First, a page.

Another surprise was that FTDNA had predicted that WM was in Haplogroup G2, a rather rare type in Great Britain. We have subsequently had SNP testing of all three of these men and they have been found to be M170+, confirming their membership in Haplogroup I, which is found at a frequency second only to Haplogroup R1b in Great Britain. More recently, HN and WM upgraded to the 67-marker panel and discovered that they had a null value at DYS 425, which is to say that DYS 425 did not show up at all on the assay.

    This is thought to result from an SNP in the primer region of DYS 425 that renders it undetectable in the assay. By coincidence, this is the SNP that defines I2b1a1. There is really very little doubt that this is the case for our Group 9 men, but to confirm it unequivocally, one of them would have to order deep clade testing for this specific SNP.

    This is a finding that has been associated with men in haplogroup I2b1a1. We think that this haplogroup has been in Britain for a very long time, perhaps long antedating the R1b haplogroup and certainly antedating any Celtic incursions into Britain. Some have suggested that the makers of Stonehenge may have been members of this haplogroup. Genealogy, it is not, but I find this sort of stuff really fascinating.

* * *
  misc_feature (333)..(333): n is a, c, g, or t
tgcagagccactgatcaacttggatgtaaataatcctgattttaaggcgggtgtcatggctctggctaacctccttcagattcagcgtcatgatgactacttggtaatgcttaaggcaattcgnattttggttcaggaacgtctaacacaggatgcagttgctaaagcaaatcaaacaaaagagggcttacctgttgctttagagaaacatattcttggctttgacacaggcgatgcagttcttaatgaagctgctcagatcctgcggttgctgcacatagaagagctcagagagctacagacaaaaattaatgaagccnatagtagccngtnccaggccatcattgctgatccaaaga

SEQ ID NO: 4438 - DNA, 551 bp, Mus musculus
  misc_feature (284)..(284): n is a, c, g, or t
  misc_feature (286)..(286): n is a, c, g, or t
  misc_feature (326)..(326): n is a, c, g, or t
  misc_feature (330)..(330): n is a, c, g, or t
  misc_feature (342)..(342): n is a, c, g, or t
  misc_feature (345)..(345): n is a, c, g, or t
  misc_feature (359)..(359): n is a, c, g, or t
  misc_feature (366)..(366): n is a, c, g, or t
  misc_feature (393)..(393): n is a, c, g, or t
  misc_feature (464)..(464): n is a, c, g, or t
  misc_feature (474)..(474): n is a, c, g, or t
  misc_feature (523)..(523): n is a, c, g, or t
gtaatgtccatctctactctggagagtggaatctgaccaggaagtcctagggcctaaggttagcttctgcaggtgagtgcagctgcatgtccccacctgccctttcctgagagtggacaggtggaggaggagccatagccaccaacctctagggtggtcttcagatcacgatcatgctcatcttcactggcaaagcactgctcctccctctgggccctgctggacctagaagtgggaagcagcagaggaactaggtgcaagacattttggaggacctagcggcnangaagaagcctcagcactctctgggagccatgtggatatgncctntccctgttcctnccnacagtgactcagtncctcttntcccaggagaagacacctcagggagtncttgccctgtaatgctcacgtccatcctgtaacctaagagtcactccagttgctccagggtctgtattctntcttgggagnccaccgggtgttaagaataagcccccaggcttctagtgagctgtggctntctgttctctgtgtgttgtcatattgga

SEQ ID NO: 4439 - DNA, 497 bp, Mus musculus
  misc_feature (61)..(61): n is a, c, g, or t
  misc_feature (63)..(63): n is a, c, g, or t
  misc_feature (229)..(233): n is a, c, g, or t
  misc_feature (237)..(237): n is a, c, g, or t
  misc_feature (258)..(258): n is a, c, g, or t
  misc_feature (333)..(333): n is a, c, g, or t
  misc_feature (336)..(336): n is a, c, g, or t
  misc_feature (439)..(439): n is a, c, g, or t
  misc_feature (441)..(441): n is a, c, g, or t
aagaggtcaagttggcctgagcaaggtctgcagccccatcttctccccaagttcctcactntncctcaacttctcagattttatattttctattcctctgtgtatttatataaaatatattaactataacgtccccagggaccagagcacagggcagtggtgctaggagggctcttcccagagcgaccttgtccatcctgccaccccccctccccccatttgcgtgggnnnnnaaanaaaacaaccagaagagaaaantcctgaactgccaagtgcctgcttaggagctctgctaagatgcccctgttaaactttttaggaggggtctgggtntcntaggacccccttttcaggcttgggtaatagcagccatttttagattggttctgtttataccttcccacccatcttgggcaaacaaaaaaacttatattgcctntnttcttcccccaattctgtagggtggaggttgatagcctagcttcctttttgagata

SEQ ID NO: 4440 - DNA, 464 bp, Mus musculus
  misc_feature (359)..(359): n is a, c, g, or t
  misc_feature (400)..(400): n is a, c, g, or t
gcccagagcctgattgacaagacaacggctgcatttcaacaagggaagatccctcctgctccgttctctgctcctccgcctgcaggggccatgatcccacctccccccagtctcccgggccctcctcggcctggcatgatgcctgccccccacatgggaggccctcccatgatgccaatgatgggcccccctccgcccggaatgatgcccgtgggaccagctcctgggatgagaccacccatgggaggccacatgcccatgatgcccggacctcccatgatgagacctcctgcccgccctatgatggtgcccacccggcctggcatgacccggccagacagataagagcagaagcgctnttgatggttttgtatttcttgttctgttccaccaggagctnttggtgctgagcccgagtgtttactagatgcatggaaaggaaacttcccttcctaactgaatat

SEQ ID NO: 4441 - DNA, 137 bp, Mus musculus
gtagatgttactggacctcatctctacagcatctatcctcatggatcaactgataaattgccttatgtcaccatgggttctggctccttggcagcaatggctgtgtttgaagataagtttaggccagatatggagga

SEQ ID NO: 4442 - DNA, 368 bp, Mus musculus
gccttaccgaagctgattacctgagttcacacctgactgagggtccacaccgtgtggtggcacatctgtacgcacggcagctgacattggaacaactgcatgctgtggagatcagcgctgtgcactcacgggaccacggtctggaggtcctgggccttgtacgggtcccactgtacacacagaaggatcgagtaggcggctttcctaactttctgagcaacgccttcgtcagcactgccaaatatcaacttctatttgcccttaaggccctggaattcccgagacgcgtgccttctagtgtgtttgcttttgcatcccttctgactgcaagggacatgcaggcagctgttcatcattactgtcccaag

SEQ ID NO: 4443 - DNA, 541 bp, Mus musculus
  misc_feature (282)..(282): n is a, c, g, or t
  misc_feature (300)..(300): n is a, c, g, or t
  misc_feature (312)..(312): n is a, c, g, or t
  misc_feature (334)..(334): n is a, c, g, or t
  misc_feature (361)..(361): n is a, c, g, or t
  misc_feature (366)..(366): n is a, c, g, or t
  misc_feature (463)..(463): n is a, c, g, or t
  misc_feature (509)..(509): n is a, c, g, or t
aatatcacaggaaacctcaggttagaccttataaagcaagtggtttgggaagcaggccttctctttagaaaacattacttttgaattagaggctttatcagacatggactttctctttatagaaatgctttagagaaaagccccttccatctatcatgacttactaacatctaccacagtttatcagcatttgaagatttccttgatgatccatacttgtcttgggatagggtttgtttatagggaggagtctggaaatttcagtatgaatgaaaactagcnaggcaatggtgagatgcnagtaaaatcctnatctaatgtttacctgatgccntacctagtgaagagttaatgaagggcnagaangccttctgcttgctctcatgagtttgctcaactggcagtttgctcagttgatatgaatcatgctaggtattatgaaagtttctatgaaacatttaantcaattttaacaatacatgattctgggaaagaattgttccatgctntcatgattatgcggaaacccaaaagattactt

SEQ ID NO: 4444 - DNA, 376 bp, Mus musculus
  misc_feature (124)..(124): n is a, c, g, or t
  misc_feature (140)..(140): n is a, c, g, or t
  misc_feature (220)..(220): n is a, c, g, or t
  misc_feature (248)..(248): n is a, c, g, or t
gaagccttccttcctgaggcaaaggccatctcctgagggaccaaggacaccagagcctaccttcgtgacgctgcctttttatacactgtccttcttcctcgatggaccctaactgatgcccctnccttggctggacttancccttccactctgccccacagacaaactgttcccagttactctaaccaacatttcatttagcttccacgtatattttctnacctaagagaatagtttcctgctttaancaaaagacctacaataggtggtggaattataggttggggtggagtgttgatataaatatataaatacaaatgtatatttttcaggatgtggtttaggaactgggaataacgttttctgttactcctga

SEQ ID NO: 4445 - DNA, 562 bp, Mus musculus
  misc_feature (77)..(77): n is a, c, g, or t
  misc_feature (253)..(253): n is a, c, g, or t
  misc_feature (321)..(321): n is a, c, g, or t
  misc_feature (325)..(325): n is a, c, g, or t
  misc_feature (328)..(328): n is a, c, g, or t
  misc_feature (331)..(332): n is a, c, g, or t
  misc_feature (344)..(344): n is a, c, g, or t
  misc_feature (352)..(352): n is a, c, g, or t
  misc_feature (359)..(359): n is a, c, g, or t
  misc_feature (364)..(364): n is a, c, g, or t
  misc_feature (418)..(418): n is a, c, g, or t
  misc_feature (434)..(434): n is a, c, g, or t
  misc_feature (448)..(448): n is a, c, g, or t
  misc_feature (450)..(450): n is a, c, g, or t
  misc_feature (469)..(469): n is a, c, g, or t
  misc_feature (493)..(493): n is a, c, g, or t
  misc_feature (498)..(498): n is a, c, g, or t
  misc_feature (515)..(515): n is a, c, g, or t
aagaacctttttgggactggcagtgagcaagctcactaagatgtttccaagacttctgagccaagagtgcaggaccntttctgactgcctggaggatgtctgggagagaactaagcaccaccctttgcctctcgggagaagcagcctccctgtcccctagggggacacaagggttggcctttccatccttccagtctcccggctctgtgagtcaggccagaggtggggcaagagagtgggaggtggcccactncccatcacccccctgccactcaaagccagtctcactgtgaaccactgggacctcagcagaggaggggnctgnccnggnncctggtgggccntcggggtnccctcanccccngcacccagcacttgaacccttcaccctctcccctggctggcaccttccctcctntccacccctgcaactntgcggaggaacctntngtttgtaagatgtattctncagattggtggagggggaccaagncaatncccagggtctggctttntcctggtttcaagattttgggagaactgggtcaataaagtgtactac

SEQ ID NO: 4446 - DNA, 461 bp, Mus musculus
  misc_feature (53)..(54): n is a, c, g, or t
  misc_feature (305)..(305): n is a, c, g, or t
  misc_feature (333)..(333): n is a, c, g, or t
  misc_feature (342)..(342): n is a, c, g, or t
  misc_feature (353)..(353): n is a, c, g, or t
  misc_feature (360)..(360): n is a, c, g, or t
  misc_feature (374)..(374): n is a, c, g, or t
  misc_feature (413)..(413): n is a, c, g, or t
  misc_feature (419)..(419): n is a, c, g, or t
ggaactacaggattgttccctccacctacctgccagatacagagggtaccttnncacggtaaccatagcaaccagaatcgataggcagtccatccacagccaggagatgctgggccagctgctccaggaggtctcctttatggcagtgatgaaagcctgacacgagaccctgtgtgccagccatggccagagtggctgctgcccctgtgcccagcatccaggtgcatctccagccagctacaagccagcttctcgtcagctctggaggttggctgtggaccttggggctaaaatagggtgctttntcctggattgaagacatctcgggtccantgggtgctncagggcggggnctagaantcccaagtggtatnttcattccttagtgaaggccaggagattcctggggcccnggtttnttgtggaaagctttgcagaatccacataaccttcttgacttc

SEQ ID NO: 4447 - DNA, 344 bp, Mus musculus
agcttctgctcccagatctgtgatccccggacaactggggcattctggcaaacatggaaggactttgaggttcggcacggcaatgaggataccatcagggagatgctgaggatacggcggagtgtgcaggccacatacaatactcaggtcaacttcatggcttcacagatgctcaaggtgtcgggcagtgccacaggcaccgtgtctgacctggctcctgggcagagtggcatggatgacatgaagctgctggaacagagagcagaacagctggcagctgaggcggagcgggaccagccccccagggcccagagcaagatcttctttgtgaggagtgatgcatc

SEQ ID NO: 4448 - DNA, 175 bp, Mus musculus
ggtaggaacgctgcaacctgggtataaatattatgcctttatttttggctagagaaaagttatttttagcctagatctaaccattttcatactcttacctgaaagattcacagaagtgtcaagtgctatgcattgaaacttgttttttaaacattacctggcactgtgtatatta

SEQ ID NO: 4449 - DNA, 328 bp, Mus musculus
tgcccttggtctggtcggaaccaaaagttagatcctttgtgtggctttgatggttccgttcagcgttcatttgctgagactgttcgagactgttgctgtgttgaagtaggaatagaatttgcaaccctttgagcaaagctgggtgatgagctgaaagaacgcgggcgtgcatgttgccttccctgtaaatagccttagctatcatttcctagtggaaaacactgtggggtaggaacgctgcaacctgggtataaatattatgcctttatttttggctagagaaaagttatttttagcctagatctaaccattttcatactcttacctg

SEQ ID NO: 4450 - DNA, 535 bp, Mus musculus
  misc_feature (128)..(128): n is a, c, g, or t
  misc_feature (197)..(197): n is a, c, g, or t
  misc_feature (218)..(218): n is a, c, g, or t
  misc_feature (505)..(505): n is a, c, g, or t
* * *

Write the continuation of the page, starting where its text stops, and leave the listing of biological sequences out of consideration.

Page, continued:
• Group 5b consists of lonesome old JD, who we probably should have relegated to Group 5*, except that he matches Ewan exactly at all 12 markers that Ewan was tested for. We cannot hang our hats on 12 markers, and we do not have lineage information on Ewan, but this is a provocative clue, and we thought it would be interesting to display his data alongside JD’s. JD has traced his conventional genealogy to James D. Ewing b1773, who appears on page 220 of Chapter 26 in Fife's "Ewing in Early America", the subject of which is Samuel Ewing (c1705-1758), one of the sons of William?, the progenitor of Group 2a. But JD's DNA results are nothing like the men in Group 2a, so there has been a mistake somewhere.
  • Group 5* as yet has no members, though perhaps DR2 will end up in this subgroup. Family Tree DNA has predicted that he will be in Haplogroup G, but we have been down that road before—see the discussion at Group 5a, above.

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Purpose